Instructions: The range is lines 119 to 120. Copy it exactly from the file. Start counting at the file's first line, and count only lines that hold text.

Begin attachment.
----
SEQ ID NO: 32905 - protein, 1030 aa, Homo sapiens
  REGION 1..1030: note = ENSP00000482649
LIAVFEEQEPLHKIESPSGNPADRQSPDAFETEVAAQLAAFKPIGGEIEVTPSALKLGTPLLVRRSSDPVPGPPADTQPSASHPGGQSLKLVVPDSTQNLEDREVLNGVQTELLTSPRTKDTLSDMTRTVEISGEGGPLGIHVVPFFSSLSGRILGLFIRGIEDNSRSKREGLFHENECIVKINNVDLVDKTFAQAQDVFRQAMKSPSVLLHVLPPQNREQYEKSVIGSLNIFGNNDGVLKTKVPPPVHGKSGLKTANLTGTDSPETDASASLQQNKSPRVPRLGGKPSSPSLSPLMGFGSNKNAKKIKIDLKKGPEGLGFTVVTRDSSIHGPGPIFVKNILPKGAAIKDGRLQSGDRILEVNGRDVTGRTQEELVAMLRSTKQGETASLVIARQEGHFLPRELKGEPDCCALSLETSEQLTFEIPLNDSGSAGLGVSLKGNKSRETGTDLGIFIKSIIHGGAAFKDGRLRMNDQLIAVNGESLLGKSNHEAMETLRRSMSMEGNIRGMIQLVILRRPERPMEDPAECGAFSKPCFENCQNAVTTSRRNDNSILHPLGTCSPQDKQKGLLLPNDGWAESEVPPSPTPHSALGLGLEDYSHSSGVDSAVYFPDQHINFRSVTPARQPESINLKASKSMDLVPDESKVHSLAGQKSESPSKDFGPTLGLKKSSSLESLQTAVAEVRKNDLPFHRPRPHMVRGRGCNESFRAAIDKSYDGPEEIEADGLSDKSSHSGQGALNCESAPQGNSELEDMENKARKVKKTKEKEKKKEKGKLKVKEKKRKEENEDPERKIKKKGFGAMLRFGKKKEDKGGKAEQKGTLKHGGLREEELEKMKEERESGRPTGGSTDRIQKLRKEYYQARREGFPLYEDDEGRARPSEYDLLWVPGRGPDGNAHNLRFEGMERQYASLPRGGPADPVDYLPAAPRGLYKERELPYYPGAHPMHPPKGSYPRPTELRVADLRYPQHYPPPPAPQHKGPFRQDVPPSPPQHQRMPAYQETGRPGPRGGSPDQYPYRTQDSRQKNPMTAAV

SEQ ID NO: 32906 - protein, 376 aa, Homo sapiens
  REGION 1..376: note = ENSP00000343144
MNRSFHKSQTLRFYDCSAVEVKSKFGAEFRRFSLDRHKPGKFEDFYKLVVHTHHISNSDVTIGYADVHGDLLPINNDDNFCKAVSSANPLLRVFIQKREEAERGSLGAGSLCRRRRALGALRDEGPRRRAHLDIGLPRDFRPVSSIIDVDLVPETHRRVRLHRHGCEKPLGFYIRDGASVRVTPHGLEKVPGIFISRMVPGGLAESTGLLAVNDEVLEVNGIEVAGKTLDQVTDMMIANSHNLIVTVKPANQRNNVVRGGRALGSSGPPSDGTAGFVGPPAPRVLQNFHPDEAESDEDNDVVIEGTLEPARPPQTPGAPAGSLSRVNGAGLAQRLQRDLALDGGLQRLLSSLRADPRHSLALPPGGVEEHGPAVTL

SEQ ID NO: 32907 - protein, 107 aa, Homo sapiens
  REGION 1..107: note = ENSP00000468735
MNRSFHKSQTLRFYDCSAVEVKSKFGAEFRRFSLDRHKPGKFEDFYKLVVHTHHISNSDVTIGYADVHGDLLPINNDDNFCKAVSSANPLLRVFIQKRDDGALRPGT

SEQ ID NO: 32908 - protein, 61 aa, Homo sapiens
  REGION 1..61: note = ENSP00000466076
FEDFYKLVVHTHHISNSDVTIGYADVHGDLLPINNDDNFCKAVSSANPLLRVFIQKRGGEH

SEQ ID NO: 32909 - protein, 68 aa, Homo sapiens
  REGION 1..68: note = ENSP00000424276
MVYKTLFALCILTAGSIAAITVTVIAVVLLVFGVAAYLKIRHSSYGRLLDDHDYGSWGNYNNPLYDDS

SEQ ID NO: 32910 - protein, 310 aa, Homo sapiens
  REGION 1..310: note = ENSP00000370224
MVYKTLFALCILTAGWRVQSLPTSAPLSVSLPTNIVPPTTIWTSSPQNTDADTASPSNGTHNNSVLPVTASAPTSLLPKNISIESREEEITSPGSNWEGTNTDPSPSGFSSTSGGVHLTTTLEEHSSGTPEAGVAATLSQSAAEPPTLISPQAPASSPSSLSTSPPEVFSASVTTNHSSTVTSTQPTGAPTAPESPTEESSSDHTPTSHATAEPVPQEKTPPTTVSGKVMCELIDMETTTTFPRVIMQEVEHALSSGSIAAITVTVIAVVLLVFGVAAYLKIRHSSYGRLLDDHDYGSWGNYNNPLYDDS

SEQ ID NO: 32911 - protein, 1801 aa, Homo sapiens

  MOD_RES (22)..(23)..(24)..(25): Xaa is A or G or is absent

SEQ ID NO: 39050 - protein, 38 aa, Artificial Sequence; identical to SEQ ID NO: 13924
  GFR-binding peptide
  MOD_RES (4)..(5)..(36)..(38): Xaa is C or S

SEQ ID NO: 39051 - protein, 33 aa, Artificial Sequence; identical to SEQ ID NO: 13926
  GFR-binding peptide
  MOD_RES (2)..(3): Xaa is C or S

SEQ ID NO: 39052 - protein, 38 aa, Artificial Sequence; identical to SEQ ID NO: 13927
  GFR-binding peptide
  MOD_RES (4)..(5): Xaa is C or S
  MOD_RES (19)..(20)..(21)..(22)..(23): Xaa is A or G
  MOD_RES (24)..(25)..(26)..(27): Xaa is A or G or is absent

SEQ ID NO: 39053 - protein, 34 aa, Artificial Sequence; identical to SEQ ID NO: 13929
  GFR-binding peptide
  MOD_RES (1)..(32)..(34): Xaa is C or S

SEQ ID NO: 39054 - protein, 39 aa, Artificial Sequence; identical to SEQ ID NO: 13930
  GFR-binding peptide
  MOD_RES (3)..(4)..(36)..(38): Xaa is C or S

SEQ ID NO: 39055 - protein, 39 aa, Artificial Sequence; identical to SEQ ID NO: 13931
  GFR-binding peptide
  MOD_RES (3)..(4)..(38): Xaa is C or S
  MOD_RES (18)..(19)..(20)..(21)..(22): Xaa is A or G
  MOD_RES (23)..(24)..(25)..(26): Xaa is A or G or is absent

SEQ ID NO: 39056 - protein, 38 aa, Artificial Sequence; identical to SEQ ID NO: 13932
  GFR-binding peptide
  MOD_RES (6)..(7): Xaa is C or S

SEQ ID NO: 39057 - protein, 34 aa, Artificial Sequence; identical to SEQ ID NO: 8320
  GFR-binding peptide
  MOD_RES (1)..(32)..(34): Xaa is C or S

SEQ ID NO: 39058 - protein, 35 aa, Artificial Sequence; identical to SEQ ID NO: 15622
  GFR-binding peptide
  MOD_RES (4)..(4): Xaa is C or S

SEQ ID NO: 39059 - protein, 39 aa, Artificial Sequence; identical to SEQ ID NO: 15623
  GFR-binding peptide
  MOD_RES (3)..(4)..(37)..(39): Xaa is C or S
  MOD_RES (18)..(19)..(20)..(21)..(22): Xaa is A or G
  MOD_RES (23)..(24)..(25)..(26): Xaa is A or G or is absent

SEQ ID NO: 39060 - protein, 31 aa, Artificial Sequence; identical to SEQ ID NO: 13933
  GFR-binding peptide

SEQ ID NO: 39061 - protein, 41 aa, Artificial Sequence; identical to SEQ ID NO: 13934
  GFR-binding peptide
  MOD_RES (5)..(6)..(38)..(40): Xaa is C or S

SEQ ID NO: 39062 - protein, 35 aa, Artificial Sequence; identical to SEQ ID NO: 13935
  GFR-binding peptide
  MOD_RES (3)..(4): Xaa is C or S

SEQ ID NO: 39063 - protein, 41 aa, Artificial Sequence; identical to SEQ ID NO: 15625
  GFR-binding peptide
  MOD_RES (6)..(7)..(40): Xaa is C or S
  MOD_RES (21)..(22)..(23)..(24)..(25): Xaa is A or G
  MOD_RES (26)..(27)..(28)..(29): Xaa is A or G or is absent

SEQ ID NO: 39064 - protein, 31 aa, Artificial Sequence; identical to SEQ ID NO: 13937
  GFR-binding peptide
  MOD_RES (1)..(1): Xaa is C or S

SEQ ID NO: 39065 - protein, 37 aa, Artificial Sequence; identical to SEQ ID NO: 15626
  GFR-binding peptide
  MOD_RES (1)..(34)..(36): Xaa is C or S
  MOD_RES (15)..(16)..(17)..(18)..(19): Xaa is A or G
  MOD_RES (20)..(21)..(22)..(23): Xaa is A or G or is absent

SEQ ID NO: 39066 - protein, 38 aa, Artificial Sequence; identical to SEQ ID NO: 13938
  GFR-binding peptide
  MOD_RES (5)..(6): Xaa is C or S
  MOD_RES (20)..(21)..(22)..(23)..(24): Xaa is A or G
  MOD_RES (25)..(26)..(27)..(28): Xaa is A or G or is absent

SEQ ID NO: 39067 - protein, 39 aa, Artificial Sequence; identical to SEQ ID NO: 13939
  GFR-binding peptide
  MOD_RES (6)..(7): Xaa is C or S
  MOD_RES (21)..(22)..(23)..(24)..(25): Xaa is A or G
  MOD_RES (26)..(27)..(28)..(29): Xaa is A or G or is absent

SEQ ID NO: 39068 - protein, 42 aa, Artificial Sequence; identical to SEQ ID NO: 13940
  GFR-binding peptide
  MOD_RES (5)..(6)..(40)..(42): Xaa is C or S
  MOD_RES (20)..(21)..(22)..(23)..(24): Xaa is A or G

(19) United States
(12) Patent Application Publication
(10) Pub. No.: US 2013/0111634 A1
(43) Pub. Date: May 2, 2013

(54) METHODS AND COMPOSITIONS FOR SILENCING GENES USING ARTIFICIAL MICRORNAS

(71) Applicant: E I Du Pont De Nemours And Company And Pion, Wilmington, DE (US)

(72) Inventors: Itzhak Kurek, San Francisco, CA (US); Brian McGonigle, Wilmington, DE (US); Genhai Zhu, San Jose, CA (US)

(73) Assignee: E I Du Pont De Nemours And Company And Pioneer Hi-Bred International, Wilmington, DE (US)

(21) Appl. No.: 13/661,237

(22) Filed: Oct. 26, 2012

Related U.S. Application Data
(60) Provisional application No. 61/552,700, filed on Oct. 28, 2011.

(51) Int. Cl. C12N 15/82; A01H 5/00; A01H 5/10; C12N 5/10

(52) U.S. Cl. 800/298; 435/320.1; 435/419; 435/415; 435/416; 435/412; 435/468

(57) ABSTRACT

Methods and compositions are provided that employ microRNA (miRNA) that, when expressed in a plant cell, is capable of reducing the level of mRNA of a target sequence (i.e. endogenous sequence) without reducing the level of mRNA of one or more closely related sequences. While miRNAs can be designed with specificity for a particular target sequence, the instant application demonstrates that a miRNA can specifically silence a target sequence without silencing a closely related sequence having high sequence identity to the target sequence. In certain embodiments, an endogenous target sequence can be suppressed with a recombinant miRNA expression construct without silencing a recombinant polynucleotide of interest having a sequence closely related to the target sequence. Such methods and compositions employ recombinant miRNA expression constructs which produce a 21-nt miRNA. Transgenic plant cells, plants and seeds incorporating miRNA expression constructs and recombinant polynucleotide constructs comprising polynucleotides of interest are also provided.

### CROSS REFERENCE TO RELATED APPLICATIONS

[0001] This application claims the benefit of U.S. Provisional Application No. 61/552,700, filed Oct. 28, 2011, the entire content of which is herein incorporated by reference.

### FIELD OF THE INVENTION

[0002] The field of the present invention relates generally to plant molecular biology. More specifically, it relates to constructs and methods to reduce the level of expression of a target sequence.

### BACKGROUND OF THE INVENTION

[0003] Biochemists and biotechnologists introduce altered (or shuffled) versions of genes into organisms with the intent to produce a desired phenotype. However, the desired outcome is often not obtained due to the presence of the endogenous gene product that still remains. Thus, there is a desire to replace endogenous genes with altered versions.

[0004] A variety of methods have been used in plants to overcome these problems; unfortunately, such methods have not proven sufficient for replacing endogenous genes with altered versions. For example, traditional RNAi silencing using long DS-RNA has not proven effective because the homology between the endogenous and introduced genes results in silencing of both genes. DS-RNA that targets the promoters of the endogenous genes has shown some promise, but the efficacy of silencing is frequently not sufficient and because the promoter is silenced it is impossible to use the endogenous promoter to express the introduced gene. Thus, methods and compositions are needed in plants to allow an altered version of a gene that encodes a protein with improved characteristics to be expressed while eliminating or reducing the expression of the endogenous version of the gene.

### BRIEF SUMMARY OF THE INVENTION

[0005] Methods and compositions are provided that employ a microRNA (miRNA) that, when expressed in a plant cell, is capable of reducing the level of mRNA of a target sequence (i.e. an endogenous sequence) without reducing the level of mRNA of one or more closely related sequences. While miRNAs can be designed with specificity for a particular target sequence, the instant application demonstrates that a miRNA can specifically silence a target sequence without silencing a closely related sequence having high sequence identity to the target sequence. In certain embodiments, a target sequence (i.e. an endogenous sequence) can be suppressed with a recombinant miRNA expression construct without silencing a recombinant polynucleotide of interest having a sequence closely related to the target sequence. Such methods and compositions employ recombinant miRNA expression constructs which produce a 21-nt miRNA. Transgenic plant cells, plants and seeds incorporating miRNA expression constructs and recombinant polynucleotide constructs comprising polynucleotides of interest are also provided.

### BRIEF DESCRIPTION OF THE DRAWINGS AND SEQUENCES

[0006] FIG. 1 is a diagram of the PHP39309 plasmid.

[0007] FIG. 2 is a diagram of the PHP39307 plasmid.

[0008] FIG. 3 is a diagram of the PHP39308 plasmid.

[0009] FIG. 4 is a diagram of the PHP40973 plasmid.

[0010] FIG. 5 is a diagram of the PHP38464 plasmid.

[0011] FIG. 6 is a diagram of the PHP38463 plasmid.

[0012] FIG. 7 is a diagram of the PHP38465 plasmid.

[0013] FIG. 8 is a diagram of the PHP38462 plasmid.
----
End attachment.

[0007] FIG. 2 is a diagram of the PHP39307 plasmid.

[0008] FIG. 3 is a diagram of the PHP39308 plasmid.